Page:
Is There Any Justification for Using Ozonetherapy in Human Pathologies Caused or Worsened by Free Radicals?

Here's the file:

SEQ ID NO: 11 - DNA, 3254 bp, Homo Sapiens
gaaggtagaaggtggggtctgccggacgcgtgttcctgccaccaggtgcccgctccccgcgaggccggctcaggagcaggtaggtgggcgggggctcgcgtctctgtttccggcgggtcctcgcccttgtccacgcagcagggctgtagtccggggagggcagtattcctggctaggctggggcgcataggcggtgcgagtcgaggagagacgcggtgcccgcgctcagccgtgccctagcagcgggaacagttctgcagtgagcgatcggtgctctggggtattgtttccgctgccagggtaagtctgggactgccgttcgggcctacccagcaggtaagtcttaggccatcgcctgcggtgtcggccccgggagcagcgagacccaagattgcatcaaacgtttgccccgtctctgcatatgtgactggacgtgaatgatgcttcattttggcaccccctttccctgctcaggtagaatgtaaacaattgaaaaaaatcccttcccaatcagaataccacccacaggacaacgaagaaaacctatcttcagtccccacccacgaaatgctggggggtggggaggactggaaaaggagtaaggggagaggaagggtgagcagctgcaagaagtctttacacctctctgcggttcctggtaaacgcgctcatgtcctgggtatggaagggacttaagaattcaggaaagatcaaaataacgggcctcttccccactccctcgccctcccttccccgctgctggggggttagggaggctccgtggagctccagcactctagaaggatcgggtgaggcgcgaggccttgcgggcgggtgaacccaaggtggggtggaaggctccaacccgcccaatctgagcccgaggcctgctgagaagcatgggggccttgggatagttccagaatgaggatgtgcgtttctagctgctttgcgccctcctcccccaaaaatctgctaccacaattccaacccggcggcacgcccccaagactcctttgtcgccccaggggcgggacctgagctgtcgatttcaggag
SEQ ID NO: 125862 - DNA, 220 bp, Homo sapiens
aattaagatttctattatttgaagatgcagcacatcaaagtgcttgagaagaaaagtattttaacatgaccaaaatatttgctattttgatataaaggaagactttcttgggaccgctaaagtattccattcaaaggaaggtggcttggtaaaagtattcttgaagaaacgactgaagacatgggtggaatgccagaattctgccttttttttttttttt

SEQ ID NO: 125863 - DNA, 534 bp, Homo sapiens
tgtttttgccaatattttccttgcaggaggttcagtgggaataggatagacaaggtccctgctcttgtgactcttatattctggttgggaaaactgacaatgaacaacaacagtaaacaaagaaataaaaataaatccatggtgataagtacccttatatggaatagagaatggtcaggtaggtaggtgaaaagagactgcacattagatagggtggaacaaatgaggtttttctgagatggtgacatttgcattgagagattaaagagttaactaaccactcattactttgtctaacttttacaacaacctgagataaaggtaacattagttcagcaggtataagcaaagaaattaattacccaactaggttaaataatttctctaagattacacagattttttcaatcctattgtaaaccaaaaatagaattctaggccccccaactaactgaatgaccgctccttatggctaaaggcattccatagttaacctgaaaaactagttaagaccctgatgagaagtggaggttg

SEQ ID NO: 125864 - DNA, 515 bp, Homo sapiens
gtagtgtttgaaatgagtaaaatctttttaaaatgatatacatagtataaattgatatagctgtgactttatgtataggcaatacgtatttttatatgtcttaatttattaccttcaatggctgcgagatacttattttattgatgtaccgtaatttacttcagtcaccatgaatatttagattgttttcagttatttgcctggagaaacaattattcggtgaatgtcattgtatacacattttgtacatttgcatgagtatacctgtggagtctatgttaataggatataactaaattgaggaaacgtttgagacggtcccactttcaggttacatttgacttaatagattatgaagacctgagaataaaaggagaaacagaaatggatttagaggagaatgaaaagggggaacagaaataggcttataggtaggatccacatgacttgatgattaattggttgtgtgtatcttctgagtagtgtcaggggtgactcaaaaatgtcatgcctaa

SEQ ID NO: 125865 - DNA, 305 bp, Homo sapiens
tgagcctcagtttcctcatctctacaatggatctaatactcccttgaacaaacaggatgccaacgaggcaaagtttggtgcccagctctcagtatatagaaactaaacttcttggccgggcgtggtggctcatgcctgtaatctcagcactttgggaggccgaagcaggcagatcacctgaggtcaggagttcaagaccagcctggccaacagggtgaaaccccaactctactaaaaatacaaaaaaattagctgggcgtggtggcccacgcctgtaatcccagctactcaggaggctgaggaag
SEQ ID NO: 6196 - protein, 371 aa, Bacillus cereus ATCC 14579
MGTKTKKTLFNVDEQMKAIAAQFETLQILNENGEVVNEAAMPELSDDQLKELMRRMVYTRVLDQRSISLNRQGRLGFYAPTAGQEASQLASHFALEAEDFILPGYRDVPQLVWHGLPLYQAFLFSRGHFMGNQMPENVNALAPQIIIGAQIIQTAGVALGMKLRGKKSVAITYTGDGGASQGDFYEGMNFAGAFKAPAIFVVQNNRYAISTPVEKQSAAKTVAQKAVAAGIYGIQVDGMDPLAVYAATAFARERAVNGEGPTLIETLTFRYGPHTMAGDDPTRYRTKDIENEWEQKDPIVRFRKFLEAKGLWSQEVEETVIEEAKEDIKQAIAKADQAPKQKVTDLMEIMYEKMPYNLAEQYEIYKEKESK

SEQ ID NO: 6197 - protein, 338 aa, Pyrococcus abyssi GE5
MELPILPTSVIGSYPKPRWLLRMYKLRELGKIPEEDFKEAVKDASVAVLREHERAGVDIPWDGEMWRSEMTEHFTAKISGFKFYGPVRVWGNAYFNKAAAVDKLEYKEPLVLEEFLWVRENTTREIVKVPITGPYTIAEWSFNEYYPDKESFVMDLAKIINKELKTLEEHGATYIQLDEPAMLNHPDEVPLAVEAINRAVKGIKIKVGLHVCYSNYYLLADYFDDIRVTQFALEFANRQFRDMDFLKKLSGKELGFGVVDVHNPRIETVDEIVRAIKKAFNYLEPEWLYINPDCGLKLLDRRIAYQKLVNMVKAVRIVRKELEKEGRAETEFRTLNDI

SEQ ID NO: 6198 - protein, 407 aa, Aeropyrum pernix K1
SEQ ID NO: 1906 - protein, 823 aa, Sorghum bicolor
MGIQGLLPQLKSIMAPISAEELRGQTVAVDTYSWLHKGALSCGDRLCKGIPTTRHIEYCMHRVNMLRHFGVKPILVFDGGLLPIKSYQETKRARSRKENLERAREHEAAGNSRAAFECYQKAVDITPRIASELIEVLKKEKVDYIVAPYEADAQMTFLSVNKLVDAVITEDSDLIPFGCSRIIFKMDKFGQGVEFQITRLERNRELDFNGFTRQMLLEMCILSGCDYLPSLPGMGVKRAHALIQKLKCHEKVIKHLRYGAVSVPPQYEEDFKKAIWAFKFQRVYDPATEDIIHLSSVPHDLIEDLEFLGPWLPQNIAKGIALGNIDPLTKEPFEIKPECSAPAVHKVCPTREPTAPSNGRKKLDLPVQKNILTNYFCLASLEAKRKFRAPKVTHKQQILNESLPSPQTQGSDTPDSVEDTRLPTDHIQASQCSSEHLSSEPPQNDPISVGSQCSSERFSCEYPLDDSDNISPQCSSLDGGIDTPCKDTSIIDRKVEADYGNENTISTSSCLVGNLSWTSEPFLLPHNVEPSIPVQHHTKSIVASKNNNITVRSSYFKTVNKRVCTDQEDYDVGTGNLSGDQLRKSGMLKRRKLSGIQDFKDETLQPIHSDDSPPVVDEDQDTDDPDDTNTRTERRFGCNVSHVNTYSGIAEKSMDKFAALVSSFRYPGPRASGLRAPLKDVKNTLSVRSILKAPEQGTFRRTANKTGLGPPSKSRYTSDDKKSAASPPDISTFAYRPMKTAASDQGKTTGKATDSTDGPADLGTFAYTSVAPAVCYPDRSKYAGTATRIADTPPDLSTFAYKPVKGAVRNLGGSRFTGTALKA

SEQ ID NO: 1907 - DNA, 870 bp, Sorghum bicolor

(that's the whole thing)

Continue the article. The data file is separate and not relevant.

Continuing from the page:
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The involvement of Ros in several human diseases is widely accepted, although it remains uncertain whether increased Ros formation is the primary cause or an epiphenomenon that simply contributes to progression of the disease (Halliwell et al., 1992, 2000; Ames et al., 1993; McCall and Frei, 1999; Fukagawa, 1999). An example of the former possibility can be found in neurodegenerative processes where a defect of antioxidants appears to be the main culprit, such as a defective Sod in amyotrophic lateral sclerosis and Gsh in Parkinson’s disease (Jenner, 1994; Bondy, 1995; Simonian and Coyle, 1996; Rowland and Shneider, 2001; Ferri et al., 2001). On the other hand, viral infections, such as hepatitis C virus (Hcv) or human immunodeficiency virus (Hiv), begin with viral contamination; after the infection is established, the virus changes the cell environment to its advantage and by various mechanisms induces a persistent oxidative stress due to an imbalance between antioxidants and pro-oxidants in favour of the latter (Larrea et al., 1998). The etiology of autoimmune diseases (lupus erythematosus, rheumatoid arthritis, multiple sclerosis, diabetes, Crohn’s disease, etc.) remains undefined. However, it is likely due to a primary infection which, in a genetically predisposed individual, leads to a deranged immune response: an abnormal, cytotoxic T cell clone develops and, by recognizing an autoantigen on some cells, destroys them.